Apply Cleaner 304 in a diluted format (see data) from a bucket and broom or brush into the surface for approximately 20 seconds concentrating on the areas most affected. Once applied leave Cleaner 304 on the surface of the paver for between 30-60 seconds.
The amount of time you leave the product on the surface will be based on the level of efflorescence experienced. Obviously a higher level of efflorescence will require a stronger concentrate of Cleaner 304 and a longer application rate and VICE VERSA.
After this period has elapsed the pavers must be rinsed with a high pressure hose, or garden hose at a very high volume. A high pressure hose is more effective in removing Cleaner 304 from the paver surface and neutralising the area and is recommended.
Continue to follow this process in cleaning the entire paving area working from the highest point and working towards the lower point in your paving area. Remember to work with a dilution ratio and application timeframe that works best for your paving project.
Clay and Terracotta surfaces are more resistant to the effects of acid and longer contact times and stronger solutions may be used. The surfaces should be rinsed and neutralised after application.
Please Note: It is highly recommended that you clean your pavers once laid with CLEANER 304 prior to the application of an appropriate sealer. Miteq can advise of various sealers that would be most suitable providing long lasting protection for your paving area.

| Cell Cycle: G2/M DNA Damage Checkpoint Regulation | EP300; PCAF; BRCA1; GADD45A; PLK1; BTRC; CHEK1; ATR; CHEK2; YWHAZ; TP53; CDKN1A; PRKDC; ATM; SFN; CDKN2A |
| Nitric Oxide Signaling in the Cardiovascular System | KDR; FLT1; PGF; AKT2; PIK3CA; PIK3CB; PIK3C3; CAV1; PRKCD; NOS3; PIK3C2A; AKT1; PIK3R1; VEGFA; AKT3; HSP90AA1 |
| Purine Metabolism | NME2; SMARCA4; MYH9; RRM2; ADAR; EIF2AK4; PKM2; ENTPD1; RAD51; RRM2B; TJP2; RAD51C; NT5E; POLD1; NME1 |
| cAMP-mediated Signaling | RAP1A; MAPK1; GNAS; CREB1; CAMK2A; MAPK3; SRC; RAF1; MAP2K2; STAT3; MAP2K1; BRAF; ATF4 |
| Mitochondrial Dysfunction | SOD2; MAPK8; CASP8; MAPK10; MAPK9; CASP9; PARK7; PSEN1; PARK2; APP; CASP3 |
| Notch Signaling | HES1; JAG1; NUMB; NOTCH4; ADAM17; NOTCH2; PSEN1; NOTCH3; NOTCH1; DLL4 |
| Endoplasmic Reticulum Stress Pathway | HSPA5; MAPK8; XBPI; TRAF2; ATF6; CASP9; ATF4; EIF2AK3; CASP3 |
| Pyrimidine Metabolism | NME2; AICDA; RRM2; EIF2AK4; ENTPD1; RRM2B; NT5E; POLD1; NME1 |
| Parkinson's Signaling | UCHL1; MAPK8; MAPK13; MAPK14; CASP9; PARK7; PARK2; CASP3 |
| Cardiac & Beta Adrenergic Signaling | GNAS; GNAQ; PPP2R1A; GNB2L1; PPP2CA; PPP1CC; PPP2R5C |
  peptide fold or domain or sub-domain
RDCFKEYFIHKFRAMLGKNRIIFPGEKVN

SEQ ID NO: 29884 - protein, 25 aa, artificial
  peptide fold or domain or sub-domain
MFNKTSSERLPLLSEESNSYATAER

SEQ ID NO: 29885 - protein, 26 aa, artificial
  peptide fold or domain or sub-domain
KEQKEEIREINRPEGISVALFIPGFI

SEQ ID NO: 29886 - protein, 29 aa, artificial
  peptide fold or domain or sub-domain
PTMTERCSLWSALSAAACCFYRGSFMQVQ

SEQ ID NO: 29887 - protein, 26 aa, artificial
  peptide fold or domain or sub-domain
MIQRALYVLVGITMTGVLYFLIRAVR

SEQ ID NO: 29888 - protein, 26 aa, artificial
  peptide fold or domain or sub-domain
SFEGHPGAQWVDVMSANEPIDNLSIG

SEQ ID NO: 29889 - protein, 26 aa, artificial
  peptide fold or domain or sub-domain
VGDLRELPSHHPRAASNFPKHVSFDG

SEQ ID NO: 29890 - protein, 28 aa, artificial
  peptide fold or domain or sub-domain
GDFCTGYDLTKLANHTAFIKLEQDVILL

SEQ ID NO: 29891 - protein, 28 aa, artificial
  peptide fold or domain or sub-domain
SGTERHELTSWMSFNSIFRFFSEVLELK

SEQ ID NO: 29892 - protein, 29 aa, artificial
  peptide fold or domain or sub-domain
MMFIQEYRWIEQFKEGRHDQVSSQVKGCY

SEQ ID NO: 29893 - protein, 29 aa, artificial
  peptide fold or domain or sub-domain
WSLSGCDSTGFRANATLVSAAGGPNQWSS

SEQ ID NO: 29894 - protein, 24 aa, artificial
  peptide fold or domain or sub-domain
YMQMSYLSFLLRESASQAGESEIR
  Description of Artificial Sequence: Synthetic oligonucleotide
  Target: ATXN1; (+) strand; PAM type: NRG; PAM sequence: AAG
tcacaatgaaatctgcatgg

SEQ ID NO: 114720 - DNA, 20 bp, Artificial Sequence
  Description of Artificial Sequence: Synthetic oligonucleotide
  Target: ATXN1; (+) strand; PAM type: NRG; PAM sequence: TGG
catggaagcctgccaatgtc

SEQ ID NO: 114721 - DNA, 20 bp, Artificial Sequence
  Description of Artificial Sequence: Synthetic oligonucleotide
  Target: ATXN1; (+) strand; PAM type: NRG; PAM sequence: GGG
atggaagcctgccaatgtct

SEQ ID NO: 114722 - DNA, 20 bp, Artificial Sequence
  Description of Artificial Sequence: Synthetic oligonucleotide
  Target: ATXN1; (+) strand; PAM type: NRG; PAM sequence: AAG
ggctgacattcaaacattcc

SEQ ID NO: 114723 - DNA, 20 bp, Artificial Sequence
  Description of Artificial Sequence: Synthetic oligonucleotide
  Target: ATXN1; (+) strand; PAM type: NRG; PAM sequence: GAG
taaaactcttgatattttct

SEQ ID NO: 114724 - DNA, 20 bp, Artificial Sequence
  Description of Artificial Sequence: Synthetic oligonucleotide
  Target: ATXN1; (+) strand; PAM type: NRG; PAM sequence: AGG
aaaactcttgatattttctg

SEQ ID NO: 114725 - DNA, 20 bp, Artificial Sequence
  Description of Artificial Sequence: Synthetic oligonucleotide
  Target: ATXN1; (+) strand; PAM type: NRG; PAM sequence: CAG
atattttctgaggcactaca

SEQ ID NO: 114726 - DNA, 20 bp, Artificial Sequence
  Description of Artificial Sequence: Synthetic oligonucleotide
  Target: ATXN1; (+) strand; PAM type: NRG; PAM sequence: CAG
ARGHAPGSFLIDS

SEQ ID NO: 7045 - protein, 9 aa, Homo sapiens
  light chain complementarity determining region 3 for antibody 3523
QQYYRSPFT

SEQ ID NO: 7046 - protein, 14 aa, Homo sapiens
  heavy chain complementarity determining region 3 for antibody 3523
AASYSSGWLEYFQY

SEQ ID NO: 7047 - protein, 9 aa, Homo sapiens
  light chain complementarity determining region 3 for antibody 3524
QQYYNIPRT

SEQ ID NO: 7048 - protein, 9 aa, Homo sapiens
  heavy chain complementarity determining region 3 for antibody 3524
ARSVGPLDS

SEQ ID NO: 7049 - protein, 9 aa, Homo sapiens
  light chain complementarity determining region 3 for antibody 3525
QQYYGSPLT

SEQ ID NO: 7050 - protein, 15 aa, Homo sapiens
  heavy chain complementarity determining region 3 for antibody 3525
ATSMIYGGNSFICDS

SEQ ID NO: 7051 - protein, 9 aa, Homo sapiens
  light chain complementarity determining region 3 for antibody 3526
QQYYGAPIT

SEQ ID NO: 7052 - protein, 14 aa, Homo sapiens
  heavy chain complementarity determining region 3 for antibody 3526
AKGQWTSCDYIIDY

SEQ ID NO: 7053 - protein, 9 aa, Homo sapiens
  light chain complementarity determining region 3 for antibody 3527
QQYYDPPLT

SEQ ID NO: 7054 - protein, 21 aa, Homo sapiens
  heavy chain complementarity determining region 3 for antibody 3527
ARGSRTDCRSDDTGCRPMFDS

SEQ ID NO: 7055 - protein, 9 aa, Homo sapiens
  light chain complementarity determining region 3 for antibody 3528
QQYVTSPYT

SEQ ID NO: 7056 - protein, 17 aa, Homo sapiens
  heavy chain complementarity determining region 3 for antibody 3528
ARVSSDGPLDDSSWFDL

Cleaner 304 is a highly corrosive liquid containing a blend of Nitric and Phosphoric Acids. Wear goggles and rubber gloves.
Read technical data sheet and consult MSDS in conjunction with the information contained in this document.
Operators should always refer to the MSDS for safety precautions.
5 Litre and 20 Litre containers.
All information given in this product overview sheet and by the company’s technical staff is complied from the best information currently available to the company. The company accepts no responsibility whatsoever for its accuracy or for any results which may be obtained by customers. Any customer who relies upon any advice or information given in this product overview sheet by the company or its technical staff does so entirely at its own risk and the company will not be liable for any loss or damage thereby suffered notwithstanding any duty of care on the part of the company or its staff in compiling or giving the advice or information.